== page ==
It’s been my long-held belief that horses should come well-stocked with bubble wrap – or at least with plenty of gauze, vet wrap, and furazone ointment. They’re good at getting themselves in trouble, and never more than when they are are turned out in the pasture together.
Horses are herd animals. Almost all of them are happier when they are with other horses. But as with most groups, they need to establish their pecking order. They can’t very well argue it out in the office kitchen. So they use what they have: teeth and hooves. And sometimes two horses just won’t get along and will cause serious damage to each other.
Case in point: my thoroughbred gelding Ace was clearly low-man-on-the-totem-pole at the first place I kept him. It was a friend’s farm and he lived in the arena with their three horses. The other three had been together for a long time, and besides the fact that they were all buddied up already, they had a very firmly established pecking order. Ace had no choice but to defer to the last place position.
Some horses are totally OK with being submissive and not rocking the boat, but not Ace. He’s naturally dominant.
For that first year I was constantly finding him with large teeth marks or cuts and scrapes on his legs and head from trying to get away from the other horses. I could see on his face that he was stressed.
Then we moved to a large boarding stable where Ace was put with the least dominant horses on the property so he wouldn’t get beat up. And he promptly made himself king of the field – a position he has yet to relinquish despite several herd changes.
A few days ago, Ace was turned out with three new horses. I put them out one at a time and kept a close eye on them to make sure there wasn’t going to be any major issues. The first two I walked out together; when released, Ace pinned his ears and backed up towards the other horse, who promptly spun and trotted away.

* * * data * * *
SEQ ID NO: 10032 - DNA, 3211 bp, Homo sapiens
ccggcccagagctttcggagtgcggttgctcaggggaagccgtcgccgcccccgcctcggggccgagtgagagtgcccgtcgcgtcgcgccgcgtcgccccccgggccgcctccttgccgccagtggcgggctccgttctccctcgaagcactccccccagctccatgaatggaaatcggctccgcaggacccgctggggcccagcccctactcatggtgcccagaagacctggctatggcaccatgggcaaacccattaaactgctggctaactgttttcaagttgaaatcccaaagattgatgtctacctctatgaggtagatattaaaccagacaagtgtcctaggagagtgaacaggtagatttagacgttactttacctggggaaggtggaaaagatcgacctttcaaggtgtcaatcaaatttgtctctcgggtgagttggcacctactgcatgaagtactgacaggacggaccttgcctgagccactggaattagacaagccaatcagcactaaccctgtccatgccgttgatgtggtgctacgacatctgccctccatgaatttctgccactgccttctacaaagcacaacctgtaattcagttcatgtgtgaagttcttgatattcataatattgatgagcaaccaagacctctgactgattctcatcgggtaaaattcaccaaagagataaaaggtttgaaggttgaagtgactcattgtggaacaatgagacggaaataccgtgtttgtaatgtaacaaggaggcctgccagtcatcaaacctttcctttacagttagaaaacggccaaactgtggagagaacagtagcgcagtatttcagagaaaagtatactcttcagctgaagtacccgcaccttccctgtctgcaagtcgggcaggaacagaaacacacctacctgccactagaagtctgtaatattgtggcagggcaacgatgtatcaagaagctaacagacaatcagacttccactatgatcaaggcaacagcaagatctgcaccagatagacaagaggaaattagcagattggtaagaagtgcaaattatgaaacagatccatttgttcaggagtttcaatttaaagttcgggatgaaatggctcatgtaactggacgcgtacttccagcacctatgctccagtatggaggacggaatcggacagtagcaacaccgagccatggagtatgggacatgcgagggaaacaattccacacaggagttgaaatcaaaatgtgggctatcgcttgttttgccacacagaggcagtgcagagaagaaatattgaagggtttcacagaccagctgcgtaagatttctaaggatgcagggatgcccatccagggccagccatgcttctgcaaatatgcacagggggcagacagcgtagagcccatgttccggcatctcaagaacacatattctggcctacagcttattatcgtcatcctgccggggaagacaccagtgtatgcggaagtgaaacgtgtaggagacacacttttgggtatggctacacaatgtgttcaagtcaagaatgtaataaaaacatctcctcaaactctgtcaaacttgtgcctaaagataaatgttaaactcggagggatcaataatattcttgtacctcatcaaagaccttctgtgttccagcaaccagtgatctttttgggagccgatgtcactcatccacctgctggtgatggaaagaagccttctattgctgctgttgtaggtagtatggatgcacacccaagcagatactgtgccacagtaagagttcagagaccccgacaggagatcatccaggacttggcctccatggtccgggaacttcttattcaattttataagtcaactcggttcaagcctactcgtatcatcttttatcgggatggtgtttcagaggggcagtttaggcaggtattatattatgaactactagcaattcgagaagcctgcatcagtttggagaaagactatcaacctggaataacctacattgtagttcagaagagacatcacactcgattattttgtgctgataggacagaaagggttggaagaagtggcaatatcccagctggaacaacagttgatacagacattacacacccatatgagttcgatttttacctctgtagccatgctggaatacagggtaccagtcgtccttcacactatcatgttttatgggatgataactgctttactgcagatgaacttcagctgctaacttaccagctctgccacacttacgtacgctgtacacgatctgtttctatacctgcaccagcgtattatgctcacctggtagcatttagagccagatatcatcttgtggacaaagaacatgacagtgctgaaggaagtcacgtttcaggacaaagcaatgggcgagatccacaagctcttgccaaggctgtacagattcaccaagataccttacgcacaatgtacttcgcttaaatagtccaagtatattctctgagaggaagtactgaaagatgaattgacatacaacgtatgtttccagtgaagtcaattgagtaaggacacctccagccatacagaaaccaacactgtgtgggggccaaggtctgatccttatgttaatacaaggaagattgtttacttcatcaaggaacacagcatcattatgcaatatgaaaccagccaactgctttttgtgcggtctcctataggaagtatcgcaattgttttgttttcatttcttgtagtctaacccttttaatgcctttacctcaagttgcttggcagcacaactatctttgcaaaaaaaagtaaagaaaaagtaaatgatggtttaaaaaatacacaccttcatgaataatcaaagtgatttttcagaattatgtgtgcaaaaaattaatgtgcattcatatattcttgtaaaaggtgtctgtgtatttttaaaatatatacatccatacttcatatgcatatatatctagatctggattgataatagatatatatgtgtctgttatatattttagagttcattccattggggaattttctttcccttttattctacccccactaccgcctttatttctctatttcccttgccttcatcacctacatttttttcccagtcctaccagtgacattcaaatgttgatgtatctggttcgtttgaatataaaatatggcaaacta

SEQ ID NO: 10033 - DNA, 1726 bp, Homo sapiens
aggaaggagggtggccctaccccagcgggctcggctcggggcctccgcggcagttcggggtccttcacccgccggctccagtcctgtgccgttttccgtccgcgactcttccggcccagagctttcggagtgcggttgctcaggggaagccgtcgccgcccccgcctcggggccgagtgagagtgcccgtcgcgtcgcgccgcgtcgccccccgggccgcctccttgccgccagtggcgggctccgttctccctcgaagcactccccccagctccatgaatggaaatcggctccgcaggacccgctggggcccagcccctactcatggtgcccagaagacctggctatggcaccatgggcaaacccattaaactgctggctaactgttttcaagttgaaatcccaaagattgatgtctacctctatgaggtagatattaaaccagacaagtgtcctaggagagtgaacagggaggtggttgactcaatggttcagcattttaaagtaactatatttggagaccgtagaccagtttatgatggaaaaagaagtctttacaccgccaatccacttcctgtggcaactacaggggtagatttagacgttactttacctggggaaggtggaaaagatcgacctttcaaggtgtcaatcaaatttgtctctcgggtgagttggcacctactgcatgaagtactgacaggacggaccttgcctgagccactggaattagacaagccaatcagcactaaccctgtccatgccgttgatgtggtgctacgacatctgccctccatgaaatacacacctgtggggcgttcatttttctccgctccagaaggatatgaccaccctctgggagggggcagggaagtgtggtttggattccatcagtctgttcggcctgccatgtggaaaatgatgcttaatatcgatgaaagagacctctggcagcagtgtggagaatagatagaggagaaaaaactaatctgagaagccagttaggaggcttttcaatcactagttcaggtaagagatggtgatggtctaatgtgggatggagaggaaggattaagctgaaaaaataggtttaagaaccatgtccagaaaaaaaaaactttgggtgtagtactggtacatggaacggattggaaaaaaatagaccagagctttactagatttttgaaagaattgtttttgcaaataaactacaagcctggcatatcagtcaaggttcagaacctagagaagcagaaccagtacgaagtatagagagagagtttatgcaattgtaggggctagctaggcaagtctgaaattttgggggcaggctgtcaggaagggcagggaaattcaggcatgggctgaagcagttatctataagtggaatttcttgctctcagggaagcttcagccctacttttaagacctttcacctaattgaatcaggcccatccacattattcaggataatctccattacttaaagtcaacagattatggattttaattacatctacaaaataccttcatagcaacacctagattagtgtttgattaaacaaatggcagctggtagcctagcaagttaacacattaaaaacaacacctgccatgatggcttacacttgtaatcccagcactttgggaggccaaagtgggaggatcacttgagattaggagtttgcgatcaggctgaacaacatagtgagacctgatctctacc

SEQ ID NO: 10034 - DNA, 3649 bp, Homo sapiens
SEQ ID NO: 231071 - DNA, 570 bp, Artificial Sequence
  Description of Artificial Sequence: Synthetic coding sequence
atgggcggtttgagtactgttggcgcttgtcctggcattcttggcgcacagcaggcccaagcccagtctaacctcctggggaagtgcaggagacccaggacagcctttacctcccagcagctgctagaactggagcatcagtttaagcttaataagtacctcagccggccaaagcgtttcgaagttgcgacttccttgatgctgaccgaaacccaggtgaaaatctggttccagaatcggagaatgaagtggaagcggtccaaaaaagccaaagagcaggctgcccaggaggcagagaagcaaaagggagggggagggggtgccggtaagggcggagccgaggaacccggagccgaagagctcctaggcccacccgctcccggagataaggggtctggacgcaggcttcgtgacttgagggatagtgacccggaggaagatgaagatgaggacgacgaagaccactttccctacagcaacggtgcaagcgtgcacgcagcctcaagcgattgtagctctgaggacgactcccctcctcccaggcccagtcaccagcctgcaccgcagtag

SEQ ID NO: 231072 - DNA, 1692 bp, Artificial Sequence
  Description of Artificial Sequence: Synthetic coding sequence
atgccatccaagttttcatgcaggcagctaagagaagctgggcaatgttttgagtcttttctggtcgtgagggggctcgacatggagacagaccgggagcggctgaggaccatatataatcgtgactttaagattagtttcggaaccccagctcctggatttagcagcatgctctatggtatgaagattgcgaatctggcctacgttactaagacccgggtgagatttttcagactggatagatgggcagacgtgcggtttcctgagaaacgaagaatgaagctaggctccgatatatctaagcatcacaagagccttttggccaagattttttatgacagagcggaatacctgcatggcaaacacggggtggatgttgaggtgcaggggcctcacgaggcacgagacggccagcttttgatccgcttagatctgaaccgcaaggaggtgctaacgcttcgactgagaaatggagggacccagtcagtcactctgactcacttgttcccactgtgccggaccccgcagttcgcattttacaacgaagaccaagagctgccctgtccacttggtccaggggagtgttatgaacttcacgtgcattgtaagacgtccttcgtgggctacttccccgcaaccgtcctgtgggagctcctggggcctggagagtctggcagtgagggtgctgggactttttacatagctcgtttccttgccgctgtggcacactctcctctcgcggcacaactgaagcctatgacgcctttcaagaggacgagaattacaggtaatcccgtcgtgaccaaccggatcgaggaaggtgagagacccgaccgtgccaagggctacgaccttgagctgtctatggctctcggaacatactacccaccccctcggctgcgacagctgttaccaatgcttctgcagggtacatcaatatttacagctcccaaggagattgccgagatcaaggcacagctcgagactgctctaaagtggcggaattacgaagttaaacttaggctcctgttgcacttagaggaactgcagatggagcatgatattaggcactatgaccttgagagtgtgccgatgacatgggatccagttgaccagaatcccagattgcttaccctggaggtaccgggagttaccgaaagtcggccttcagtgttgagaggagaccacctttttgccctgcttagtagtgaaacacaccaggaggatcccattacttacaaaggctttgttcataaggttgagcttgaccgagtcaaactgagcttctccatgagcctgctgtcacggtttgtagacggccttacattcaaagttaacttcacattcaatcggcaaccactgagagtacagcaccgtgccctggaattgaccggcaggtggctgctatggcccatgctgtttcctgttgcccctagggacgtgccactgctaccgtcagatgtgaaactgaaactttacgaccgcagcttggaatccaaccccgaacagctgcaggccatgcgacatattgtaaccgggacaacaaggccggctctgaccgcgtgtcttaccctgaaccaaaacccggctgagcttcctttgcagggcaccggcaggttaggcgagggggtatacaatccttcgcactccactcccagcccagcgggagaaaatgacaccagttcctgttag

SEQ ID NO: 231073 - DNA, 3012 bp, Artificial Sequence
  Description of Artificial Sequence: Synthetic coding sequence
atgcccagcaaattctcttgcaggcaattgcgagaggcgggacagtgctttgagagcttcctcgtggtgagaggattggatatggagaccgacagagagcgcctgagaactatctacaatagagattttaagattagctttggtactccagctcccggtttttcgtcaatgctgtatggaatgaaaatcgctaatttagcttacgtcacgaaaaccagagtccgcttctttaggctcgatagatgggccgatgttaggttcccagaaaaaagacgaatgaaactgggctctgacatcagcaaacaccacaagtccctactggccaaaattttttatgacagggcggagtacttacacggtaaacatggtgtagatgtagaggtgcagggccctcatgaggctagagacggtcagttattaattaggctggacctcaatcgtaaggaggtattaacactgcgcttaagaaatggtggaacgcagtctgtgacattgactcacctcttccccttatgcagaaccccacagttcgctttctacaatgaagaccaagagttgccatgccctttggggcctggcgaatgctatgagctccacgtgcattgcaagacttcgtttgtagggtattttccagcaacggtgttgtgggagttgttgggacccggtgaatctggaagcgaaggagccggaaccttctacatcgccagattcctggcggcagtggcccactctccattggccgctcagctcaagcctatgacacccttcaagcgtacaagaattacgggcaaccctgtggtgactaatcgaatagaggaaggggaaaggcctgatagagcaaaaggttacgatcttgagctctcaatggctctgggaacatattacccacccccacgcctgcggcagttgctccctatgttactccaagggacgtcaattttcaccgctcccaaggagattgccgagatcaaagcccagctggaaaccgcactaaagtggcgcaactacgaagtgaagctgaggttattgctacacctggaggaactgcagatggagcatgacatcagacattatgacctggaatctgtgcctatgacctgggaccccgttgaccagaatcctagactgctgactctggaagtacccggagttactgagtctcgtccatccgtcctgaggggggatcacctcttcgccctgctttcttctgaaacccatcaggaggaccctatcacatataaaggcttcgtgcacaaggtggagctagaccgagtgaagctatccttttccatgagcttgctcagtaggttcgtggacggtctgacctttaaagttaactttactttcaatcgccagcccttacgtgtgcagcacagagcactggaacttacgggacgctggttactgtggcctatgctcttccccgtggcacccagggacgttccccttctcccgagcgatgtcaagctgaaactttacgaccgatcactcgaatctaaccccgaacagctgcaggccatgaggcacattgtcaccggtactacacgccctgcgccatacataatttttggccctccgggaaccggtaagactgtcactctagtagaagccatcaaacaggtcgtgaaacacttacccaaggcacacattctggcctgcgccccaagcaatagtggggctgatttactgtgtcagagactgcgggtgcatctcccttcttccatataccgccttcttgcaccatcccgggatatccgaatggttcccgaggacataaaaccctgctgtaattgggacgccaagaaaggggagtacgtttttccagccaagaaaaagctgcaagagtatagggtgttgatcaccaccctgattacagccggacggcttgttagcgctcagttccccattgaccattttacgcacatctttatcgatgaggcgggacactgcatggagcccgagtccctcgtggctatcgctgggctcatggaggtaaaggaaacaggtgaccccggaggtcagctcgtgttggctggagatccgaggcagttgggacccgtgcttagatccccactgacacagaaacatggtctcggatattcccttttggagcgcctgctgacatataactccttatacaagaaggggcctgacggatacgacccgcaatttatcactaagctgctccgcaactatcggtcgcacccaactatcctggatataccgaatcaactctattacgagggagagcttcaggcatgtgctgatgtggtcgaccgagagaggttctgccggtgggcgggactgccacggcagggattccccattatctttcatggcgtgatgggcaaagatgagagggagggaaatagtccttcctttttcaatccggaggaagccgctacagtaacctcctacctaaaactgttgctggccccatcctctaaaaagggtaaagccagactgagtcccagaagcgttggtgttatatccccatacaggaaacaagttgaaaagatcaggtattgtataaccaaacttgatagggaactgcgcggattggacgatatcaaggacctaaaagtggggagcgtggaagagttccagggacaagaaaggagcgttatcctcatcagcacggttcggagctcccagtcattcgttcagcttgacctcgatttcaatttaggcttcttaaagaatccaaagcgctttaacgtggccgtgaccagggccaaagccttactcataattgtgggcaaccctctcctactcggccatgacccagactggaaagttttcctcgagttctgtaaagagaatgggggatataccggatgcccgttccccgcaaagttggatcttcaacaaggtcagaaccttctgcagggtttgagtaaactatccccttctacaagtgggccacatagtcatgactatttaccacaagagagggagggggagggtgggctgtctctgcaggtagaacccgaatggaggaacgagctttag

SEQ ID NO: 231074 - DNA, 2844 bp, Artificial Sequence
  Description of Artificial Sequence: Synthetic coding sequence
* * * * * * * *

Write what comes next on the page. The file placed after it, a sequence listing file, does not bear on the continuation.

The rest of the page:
I brought in the second horse, a Shire gelding. He and Ace sniffed noses for a moment, then Ace pinned his ears and the Shire promptly spun and trotted away. For the next five minutes, Ace herded the other two horses around at a fast walk, keeping himself in between.
The fourth horse was the baby of the bunch, and went trotting right up to Ace, who was grazing between the other two. Ace pinned his ears. The baby spun and trotted away. I watched as for the next five minutes they would approach each other, and quickly leave Ace when he gave them “that look”. Within 10 minutes, Ace and his obedient subjects were all happily tucking in to their dinner.
In the last 10 months since our barn move, Ace has been happier overall and has only come in twice with minor injuries: one teeth mark and one large bump from a kick.
Tips For Turning Horses Out Safely
There’s a little more finesse involved when turning horses out together than just sticking them all in a pasture together. The two keys are making sure all horses get along with their group, and introducing new horses to the herd slowly and carefully.
You may have a serious herd issue to address if you have a horse who either is getting beat up badly and regularly, or one who isn’t being allowed to eat or drink. Both are common in herds where two or more horses really don’t get along.
Here are a few keys for managing horse herds.
Introducing a New Horse to the Herd
Giving horses a chance to get to know each slowly and ensuring their first encounter is in a large, safe area will make for a smoother transition process.
- introduce horses in a large area free of obstacles
- wait until footing is firm; sloppy and slippery makes for dangerous “get-to-know-you” antics